The Day I Lost Control of my Class and Quit Teaching

Today I lost control of my class and quit teaching. Well, I lost control of two of my classes. I teach 4 classes on 70 minute blocks. That part is boring and who cares? Today I had three students in my geometry class teach a lesson on the effects of altering dimension on the area of an object. So they talked about the effect of altering the height of a trapezoid, or altering the base and the height of a parallelogram. They did not go into solids. They did have a set of google slides ready that they showed, the class took notes on, and that they provided additional notes and examples on the whiteboard on the side. All three of them were teaching like crazy and they were prepared. In that same class last week, a group of students taught a lesson on finding the area of regular polygons showing simple examples as well as cases where students needed to find the apothem. They dissected the polygons into congruent triangles formed by the central angle, showed how to find the central angle, then showed how to use right triangle trigonometry to find the apothem and hence the area of a triangle and thus the whole figure. It was amazing. Each of these groups taught the entire class. They gave a warm-up, worked various examples, and gave an assignment. I sat in the back and took notes.

In my bilingual Algebra 1 class today, two students got up to teach. They taught a lesson on graphing quadratic functions in standard form. One of the students put in more preparation time than the other. The one who didn’t work as hard got frustrated with the material, as well as the way other students in the class were roasting him. This could be because he is always doing it to them as well. He is a very skilled roaster. The problem today was that he was under pressure. He couldn’t think through the material because he wasn’t as prepared as he should be, and he was trying to teach instead of watch someone else teach. So conversations went sort of like this:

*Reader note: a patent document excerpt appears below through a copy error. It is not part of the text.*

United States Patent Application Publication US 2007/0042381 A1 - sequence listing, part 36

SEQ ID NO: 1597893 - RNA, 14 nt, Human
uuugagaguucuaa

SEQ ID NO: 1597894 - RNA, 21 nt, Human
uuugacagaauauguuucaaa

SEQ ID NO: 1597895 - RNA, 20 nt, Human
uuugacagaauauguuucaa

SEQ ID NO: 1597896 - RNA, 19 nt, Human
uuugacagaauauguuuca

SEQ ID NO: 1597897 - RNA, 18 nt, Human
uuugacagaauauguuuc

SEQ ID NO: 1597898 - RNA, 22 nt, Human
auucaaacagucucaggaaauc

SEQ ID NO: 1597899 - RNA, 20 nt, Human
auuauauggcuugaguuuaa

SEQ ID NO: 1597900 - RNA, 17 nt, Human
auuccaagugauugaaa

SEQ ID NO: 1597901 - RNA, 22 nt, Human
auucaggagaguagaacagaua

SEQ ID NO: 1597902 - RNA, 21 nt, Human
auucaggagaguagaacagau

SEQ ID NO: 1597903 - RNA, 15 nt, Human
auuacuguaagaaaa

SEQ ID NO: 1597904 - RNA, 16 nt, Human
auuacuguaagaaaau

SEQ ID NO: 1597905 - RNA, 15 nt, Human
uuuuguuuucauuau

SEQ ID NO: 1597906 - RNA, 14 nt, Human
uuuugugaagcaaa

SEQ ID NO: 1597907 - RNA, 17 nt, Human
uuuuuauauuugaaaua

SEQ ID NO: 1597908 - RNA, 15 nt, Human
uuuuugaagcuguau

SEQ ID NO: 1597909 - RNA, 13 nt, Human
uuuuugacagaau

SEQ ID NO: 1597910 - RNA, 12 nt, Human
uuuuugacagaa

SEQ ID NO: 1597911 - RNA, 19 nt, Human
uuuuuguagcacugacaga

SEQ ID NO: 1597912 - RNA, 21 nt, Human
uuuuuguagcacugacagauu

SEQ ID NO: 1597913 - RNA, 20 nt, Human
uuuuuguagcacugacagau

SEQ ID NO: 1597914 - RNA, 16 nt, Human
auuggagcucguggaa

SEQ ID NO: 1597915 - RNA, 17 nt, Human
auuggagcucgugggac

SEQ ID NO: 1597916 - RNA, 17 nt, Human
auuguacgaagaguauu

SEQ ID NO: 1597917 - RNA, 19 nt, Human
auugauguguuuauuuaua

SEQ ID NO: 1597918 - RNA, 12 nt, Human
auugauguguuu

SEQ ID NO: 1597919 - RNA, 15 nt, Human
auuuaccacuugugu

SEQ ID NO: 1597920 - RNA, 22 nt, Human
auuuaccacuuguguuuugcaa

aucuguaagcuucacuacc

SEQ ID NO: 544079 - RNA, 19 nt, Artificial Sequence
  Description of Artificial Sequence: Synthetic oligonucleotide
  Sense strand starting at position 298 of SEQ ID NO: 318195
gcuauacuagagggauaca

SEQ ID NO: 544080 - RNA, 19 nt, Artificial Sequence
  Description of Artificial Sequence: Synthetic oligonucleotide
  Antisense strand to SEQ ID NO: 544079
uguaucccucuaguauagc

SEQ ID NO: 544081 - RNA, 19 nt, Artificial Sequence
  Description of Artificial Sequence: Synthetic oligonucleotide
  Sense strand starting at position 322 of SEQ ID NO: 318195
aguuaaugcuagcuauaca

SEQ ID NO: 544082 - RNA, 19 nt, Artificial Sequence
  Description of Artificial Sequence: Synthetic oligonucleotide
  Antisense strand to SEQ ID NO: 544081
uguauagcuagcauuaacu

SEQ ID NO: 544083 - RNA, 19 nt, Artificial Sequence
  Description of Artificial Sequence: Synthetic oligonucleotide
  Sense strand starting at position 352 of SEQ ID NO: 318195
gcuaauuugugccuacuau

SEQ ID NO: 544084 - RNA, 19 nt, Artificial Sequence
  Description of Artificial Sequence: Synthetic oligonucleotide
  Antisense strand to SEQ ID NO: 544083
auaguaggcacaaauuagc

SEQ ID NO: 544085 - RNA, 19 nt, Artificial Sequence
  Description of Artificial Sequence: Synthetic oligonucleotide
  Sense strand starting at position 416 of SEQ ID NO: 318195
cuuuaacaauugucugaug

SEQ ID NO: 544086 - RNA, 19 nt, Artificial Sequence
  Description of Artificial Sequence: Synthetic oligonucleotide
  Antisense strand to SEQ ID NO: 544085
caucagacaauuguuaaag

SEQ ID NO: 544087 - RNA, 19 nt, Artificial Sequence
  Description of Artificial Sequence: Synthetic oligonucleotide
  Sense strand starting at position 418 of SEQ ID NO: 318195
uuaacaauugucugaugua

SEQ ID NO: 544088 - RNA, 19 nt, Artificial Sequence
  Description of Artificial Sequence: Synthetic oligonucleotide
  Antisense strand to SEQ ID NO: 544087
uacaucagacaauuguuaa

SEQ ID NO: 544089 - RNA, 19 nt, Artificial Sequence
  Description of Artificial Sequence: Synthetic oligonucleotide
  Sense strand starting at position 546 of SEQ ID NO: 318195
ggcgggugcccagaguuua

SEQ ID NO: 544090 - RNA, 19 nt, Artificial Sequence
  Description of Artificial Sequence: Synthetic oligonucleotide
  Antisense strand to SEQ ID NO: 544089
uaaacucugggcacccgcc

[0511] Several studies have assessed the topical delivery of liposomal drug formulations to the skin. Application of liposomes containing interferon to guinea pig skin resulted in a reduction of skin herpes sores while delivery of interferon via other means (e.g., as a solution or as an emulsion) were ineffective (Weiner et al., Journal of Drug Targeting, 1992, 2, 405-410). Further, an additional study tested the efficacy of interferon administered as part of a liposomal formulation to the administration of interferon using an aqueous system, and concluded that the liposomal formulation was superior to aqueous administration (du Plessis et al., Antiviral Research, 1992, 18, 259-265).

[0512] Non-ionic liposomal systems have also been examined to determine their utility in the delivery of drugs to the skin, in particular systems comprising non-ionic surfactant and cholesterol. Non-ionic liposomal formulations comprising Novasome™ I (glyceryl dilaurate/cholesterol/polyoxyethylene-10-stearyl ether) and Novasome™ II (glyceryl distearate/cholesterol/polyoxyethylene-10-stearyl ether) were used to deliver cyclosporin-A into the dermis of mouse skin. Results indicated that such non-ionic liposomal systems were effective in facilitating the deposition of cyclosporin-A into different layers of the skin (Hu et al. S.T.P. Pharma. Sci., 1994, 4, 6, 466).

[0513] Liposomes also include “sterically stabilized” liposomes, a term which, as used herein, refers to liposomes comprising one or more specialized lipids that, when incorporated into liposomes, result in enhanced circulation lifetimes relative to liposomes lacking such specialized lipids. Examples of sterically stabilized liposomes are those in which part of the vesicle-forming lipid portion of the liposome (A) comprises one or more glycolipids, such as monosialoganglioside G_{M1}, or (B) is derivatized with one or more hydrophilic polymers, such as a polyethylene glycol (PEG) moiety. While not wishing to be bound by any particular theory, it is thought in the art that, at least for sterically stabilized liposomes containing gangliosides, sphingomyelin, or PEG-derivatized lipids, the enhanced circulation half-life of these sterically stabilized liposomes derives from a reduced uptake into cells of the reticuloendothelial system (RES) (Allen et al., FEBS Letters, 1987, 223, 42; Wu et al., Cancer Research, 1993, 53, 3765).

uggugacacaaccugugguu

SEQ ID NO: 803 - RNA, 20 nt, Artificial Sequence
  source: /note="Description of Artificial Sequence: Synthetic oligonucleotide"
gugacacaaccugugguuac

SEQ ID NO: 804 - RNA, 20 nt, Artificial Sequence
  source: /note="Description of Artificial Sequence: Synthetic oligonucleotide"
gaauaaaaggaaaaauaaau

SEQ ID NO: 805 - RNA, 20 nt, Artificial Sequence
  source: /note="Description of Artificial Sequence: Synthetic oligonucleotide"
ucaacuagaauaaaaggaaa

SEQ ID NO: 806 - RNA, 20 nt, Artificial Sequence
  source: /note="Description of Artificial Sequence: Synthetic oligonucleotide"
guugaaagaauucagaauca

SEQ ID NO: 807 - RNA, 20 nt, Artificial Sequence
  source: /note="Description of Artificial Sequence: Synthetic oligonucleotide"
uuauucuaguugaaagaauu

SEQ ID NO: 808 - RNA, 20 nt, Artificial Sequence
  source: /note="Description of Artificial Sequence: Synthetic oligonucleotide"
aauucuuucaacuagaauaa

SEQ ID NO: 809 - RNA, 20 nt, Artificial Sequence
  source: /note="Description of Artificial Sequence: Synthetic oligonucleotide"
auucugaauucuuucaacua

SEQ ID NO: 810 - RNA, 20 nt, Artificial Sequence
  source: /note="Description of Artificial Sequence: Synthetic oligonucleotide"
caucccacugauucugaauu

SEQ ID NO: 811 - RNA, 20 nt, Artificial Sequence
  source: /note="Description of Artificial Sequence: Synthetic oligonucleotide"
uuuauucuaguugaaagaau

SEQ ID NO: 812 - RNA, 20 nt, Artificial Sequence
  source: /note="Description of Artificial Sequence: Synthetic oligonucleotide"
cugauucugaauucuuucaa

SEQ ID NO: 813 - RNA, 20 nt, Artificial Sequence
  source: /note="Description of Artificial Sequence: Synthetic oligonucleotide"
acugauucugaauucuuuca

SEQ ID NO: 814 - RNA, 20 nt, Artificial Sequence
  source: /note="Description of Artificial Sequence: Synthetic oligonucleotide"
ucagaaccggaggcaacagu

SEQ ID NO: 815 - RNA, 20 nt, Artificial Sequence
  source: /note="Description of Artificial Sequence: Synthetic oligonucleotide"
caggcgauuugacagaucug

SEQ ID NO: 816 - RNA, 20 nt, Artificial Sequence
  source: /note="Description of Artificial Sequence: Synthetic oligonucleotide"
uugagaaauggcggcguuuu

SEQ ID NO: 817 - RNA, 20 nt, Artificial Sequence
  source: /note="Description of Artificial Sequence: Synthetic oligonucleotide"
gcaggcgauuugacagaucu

Student: Marco, why are you just standing there con esa cara de wut?

Marco: ¡Qué pedo, güey! I can’t do this, Mr. Thayer can just yell at you and it won’t work when I do it!

Student: But you’re the teacher, teach us!

Marco: Mr. Thayer, they aren’t respecting the teacher!

This continued until he was frustrated and sat down. His partner, who was prepared, kept teaching. He explained how to find the vertex in any quadratic equation written in standard form by using the formula x = -b/2a to find the x-value of the vertex. He showed how to set up an input-output table and how to translate that to a graph. He discussed shortcuts based on the symmetric properties of a parabola, he was on fire and I loved watching him. I took notes on his method of explaining, his pace, and the way the class responded. They were really calm with him and seemed to follow well. Much better than with me. They were rooting for him and it turns out were anticipating it all day. They wanted him to do well and that translated into engagement. He worked through the warm-up and another example where the value of b in the trinomial was negative and then assigned some problems. I was floored.

I didn’t choose the A-students to do these lessons. I asked students who had C’s and D’s in my class. I offered them points toward their grade on their concept scores (I use a version of standard-based grading but you could do something similar with traditional tests). I used their grades as currency and they took it seriously. In the end, the student who taught the Algebra 1 lesson brought his grade up from a C- to a B. He was extremely proud of what he did. He told me how he doesn’t want to be a teacher, he wants to be a software engineer. He thanked me for “giving him the opportunity to teach the class,” took a picture of his work on the whiteboard, and then posted it to snapchat with the caption, “I dropped some knowledge on some kids today.”

I learned that I go way too fast when I am teaching. That I could do a better job of not being so aggravated by my students when they aren’t on task, of allowing more time to struggle through problems. I learned how important it is to not be angry at my students who are blurting crazy things out during a lecture, and instead try to put myself in their shoes. I learned that everyone can learn, that all my students are smart, that I need to find more ways to give them the opportunity to show it.

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